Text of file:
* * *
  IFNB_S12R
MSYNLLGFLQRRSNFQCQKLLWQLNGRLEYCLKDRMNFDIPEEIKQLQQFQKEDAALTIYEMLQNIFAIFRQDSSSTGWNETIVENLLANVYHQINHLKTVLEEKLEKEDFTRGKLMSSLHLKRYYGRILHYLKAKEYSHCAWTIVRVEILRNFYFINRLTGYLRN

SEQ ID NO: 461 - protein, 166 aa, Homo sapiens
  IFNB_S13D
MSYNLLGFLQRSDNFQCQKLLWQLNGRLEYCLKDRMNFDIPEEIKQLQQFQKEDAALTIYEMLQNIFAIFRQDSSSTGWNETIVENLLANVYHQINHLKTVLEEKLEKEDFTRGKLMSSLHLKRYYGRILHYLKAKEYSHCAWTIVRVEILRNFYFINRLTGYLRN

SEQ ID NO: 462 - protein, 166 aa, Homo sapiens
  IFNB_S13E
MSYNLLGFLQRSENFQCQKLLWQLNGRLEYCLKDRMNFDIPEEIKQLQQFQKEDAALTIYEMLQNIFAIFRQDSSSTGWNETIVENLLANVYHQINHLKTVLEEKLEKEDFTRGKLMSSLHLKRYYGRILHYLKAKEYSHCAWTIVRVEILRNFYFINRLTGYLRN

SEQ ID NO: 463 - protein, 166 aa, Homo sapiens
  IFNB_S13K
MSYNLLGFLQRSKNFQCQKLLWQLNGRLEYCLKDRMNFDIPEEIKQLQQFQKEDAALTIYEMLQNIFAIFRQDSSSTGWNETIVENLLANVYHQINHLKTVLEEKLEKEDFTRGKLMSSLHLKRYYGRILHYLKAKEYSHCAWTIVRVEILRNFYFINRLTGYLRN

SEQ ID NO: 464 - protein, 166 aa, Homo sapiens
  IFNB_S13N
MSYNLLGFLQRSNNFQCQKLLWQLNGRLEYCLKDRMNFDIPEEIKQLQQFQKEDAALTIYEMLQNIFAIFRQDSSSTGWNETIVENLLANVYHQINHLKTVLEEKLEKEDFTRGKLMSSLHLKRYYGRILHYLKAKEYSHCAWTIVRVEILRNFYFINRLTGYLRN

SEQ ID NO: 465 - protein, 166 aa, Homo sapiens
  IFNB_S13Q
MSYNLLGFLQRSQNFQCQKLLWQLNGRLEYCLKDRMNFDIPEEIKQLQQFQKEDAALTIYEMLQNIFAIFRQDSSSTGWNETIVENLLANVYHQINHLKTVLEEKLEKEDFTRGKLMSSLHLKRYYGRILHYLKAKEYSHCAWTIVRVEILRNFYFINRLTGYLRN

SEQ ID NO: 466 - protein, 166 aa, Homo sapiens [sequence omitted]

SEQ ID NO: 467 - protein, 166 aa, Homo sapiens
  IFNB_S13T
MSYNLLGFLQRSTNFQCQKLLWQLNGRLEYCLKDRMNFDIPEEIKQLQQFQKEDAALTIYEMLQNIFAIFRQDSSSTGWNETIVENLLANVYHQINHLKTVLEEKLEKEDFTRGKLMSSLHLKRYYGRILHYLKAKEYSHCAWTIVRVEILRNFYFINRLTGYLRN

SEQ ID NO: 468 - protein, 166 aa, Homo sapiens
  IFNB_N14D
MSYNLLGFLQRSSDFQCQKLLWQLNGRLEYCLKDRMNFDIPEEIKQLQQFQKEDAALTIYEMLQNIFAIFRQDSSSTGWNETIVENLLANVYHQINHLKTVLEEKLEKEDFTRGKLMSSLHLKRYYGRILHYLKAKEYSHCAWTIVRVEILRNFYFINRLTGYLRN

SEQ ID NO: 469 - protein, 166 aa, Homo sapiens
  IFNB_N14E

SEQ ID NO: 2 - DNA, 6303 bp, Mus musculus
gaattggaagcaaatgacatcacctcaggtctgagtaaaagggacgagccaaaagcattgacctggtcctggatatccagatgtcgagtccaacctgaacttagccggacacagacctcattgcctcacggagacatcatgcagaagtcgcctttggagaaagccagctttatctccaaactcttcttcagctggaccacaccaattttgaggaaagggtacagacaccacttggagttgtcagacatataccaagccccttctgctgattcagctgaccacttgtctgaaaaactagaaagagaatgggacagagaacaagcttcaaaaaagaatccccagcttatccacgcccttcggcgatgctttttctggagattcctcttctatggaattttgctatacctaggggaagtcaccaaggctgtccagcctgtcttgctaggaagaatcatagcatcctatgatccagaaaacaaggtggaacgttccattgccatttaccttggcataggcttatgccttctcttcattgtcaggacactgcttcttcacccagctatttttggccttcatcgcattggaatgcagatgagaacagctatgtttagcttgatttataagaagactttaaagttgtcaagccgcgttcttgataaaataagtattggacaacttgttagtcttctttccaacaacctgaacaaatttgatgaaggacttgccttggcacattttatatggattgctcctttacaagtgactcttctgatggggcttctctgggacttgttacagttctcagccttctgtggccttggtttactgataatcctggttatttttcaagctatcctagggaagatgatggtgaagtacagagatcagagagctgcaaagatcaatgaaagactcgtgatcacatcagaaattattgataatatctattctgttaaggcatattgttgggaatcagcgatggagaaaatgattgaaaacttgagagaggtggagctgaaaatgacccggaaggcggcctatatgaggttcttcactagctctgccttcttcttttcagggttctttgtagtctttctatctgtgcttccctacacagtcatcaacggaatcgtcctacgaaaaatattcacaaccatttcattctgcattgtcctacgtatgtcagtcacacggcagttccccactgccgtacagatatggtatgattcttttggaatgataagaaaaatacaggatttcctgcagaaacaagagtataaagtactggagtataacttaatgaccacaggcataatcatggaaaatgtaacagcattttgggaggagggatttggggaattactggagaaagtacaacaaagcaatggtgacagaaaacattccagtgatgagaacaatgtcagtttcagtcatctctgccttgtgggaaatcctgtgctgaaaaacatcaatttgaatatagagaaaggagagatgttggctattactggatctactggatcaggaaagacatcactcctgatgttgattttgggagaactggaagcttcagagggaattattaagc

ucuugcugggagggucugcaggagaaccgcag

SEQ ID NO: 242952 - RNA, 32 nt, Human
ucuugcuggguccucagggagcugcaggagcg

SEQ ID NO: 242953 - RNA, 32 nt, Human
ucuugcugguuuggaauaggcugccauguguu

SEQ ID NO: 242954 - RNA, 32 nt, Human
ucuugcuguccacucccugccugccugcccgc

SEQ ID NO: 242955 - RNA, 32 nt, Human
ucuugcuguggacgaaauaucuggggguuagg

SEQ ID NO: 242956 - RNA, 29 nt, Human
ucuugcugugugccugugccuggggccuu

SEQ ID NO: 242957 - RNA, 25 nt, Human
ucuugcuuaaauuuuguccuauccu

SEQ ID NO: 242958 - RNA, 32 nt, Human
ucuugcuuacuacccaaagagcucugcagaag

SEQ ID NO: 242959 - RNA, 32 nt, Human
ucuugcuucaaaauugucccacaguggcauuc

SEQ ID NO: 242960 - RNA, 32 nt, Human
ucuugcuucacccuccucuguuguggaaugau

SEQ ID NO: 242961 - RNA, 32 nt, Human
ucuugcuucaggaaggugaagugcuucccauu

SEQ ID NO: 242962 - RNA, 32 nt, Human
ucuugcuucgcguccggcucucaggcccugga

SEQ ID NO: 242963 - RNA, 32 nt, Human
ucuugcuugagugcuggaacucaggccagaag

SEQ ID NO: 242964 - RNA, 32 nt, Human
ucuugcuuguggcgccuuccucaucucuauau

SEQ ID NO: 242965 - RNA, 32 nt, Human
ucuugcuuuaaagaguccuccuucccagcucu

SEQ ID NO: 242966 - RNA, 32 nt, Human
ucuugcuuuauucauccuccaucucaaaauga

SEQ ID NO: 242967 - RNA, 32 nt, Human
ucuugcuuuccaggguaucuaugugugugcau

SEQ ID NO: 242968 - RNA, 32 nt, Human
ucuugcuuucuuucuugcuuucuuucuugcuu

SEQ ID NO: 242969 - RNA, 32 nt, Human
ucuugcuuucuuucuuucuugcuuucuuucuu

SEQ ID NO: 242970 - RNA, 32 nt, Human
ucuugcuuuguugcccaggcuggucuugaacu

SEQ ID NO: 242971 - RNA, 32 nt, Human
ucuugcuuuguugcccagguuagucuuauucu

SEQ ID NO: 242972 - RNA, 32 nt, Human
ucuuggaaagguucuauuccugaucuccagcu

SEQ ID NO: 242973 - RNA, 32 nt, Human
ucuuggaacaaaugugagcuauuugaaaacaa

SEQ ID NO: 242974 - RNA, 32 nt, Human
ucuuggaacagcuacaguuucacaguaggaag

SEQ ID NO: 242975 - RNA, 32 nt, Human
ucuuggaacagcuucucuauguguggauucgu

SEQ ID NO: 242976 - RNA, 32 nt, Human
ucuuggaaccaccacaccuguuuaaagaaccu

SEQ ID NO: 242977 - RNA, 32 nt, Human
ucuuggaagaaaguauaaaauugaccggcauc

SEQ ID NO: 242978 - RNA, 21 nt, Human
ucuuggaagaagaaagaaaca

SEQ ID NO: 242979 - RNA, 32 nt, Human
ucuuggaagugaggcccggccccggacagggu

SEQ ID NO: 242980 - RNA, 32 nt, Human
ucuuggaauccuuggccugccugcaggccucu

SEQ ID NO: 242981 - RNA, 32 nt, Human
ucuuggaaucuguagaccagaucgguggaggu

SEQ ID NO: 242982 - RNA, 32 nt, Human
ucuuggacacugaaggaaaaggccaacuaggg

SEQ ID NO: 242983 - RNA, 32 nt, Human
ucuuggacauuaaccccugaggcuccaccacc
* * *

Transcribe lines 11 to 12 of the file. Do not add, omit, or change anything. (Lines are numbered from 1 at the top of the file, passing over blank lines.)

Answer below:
MSYNLLGFLQRSKNFQCQKLLWQLNGRLEYCLKDRMNFDIPEEIKQLQQFQKEDAALTIYEMLQNIFAIFRQDSSSTGWNETIVENLLANVYHQINHLKTVLEEKLEKEDFTRGKLMSSLHLKRYYGRILHYLKAKEYSHCAWTIVRVEILRNFYFINRLTGYLRN

SEQ ID NO: 464 - protein, 166 aa, Homo sapiens